As part of our focus on Stearns Farm history, we are re-publishing a profile of long-time sharer John Blanchard from the June 23, 2008 issue of Stone Soup, The Stearns Farm Newsletter. That year John donated the high-tunnel greenhouse that allowed us to extend the growing season and offer a robust winter share. John’s generous donation is one of many that the farm has received from him and other sharers over the years. To read the profile in the original context click here.
Why does John Blanchard want to give Stearns Farm a movable greenhouse? A former missionary, truck driver, and Laundromat owner, John has a farmer’s soul and an activist’s dedication to education. Adding a greenhouse will allow Stearns to extend its growing season and expand its mission of creating a model for sustainable local agriculture. And that’s important to John Blanchard.
Now 77, John has been gardening since he was in first grade, when his dad put him to work in the family’s garden in Pennsylvania. After earning a degree in Pomology (the study of apple and pear trees) from Pennsylvania State University, John joined a Methodist church mission to Sawarak—then a part of Borneo, and now a part of Eastern Malaysia. Living among the Iban people from 1959-1963 was, John says, “a marvelous education for changing one’s outlook on life.” But perhaps more influential than the agricultural work he had come to do in Sawark was John’s growing understanding of the importance of sustainable development. Once he arrived in Sawark John found himself increasingly interested in helping the Iban transition to a money economy and become independent of the local Chinese commercial elite.
After returning to the U.S. John and his wife settled in Maine, where he had accepted a position as a pastor of two rural churches. His stint as pastor lasted one month. Casting around for work, John bought a Laundromat and discovered that it provided a way to engage in the kind of community organizing and education work he had found so compelling in Sarawk.
Although the informal community work he did in Maine was satisfying and the Laundromat was thriving, John wanted to put service back at the center of his life. In 1969 he and his family moved to Framingham to participate in year-long internship sponsored by a non-denominational Christian education program. The program wasn’t a good fit, and John soon found himself working in the grocery department at the Big D supermarket in Nobscot. John began attending the Friends Meeting on Edmands Road where he learned about a non-profit organization that focused on creating employee-owned businesses. Before long he had joined the organization as coordinator of land trust services. John had finally found a job that combined his dedication to service with his commitment to local agriculture and economic development.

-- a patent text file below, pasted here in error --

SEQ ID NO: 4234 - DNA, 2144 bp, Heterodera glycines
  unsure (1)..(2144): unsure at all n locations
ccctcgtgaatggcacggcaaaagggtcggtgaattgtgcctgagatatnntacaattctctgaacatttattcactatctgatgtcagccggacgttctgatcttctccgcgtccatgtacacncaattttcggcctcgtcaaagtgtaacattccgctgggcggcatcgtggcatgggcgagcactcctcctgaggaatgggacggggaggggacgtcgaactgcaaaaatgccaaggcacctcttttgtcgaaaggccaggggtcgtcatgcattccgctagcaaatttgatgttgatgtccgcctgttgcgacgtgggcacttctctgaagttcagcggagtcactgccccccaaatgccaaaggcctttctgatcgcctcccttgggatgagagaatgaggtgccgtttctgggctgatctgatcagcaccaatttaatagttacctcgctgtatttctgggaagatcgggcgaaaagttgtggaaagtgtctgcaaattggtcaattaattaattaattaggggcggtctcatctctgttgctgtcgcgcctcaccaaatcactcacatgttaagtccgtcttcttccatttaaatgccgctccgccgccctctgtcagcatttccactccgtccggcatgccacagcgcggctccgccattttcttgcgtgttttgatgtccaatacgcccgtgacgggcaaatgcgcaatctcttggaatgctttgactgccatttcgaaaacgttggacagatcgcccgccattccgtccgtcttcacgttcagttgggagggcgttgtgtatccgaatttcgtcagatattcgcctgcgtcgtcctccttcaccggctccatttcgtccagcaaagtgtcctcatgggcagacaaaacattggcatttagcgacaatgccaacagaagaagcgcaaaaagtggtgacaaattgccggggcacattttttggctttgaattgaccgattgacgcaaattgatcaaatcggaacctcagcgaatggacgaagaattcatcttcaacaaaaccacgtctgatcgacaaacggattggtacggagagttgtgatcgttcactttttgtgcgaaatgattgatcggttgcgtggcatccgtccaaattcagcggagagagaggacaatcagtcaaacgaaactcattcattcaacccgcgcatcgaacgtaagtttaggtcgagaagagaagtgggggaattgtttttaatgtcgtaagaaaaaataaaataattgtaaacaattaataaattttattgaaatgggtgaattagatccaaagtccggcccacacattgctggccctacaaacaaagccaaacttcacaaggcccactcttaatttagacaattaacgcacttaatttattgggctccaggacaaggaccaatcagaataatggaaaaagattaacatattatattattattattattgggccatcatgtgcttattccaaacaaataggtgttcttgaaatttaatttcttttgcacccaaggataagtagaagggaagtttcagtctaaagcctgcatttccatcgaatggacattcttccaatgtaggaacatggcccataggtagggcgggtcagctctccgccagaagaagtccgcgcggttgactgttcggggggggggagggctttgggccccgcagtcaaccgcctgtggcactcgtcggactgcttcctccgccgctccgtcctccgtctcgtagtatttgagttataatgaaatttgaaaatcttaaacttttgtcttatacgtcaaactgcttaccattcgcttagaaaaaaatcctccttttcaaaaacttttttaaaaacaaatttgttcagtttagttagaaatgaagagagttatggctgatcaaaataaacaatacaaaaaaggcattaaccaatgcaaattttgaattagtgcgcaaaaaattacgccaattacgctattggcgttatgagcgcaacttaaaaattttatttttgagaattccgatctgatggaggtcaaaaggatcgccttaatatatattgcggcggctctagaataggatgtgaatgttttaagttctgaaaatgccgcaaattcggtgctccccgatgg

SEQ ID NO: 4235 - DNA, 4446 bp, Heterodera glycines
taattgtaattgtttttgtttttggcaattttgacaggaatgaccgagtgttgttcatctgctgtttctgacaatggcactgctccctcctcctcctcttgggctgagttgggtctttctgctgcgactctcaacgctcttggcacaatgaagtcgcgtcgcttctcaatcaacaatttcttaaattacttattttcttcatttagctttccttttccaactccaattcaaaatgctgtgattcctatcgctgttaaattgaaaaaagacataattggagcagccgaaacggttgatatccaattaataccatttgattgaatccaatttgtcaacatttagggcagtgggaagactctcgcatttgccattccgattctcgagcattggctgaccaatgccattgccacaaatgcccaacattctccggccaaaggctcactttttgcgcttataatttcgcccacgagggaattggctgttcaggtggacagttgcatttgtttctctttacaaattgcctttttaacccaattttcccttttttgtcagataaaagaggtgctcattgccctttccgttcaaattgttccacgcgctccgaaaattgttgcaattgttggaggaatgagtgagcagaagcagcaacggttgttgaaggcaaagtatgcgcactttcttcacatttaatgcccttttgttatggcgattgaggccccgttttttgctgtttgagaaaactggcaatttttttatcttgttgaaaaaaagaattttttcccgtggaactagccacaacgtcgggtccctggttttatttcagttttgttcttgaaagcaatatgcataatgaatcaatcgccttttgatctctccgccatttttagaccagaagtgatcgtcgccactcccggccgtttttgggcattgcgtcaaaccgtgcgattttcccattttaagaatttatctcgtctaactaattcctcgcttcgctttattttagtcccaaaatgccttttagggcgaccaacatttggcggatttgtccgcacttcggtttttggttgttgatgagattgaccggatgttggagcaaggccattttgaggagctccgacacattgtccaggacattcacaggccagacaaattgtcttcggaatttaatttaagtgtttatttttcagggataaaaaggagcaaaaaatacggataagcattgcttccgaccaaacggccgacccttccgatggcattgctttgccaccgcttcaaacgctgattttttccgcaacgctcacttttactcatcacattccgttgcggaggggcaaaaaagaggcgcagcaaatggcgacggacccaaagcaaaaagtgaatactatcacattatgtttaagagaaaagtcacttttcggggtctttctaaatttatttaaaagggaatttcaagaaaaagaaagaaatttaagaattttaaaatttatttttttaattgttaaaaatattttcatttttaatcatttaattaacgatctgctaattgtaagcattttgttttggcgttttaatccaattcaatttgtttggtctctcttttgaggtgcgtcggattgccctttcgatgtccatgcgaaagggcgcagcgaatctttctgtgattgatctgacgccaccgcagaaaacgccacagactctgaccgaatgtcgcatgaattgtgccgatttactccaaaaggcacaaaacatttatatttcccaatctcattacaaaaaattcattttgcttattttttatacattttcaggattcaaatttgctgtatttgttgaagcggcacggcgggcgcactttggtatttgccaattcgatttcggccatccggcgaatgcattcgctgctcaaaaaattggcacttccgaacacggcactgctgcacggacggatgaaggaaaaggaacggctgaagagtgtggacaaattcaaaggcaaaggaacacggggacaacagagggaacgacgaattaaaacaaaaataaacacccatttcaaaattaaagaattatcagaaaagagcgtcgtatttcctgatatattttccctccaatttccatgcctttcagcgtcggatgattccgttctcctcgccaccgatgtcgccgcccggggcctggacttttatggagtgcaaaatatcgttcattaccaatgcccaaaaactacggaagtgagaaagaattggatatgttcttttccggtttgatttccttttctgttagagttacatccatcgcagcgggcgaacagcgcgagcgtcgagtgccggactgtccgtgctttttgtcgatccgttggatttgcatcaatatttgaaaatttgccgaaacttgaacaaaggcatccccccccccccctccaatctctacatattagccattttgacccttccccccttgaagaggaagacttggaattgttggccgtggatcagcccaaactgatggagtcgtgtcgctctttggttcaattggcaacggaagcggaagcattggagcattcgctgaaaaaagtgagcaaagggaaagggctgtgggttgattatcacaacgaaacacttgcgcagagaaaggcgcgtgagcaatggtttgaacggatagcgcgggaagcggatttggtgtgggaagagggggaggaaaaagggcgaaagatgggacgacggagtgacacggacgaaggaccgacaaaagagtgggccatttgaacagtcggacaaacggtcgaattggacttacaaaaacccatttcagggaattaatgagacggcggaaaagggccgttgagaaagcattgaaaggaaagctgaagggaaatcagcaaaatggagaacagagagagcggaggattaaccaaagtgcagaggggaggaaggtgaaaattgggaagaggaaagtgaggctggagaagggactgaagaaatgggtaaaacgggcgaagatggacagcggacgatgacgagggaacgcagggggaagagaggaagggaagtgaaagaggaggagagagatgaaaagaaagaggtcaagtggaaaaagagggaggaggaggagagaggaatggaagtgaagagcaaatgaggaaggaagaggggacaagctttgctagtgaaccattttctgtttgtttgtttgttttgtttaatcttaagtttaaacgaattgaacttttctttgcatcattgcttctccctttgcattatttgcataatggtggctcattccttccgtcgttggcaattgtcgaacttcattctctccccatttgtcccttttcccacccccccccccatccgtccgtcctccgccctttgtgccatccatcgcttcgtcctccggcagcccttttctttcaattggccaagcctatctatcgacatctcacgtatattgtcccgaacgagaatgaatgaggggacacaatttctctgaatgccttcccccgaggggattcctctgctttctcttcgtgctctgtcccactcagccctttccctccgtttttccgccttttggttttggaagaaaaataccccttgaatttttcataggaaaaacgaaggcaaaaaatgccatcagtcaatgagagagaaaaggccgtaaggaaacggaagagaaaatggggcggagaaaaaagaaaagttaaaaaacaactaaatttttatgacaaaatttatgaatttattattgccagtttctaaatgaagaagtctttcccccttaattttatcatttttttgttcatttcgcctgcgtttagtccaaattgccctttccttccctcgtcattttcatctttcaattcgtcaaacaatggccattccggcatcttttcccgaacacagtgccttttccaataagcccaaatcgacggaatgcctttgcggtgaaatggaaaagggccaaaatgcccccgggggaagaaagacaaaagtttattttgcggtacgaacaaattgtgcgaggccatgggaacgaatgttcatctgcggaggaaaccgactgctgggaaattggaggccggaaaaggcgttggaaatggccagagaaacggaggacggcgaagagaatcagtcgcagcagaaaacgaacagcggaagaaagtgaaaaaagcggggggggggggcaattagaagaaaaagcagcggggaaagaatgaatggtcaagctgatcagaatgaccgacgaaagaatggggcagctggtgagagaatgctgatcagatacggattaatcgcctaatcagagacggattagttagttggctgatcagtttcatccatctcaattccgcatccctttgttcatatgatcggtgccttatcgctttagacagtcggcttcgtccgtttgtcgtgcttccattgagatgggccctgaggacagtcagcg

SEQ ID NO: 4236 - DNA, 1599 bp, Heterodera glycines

At the Friends Meeting John also met Penelope Turton and began his decades-long relationship with Stearns Farm. During one of the first years that Stearns was a CSA, the Farmer quit suddenly and John volunteered to run the farm for the rest of the season despite the fact that he already had a full time job driving a delivery truck. In the years since, John has been a sharer at Stearns and has farmed on various pieces of land in the area, selling his organic produce at farm stands and to area restaurants. But much as he loves farming his own patch, John always returns to community farming. When he learned about movable greenhouses at a Northeast Organic Farming Association (NOFA) workshop a few years ago, he found a new mission. He discussed the possibility of installing a greenhouse with a number of local farmers, but only at Stearns did he find the right combination of land and people power necessary to construct, use, and eventually, move, such a greenhouse.
The greenhouse, which is scheduled to arrive during the current growing season, will be a “high tunnel” style. The tunnel is covered with heavy-duty clear plastic and has adjustable ventilation to control the temperature. It will keep both the air and the soil on which it sits warm. The tunnel will be located in the field below the flower garden, where the necessary slope can easily be achieved, and where there is space to move it (for crop rotation). Kathy will use the greenhouse to extend the growing season of both warm season crops, like tomatoes and melons, and for cool season crops like lettuce. In conjunction with our soon-to-be completed root cellar, the greenhouse will significantly increase Stearns’ ability to provide fresh produce in the fall and winter months.
Although he left church work a long time ago, John has remained a missionary. His lifelong dedication to sustainable agriculture, economic development, and education have taken him around the world. And now all Stearns sharers will benefit from John’s dedication to bringing a greenhouse to our beautiful and productive farm.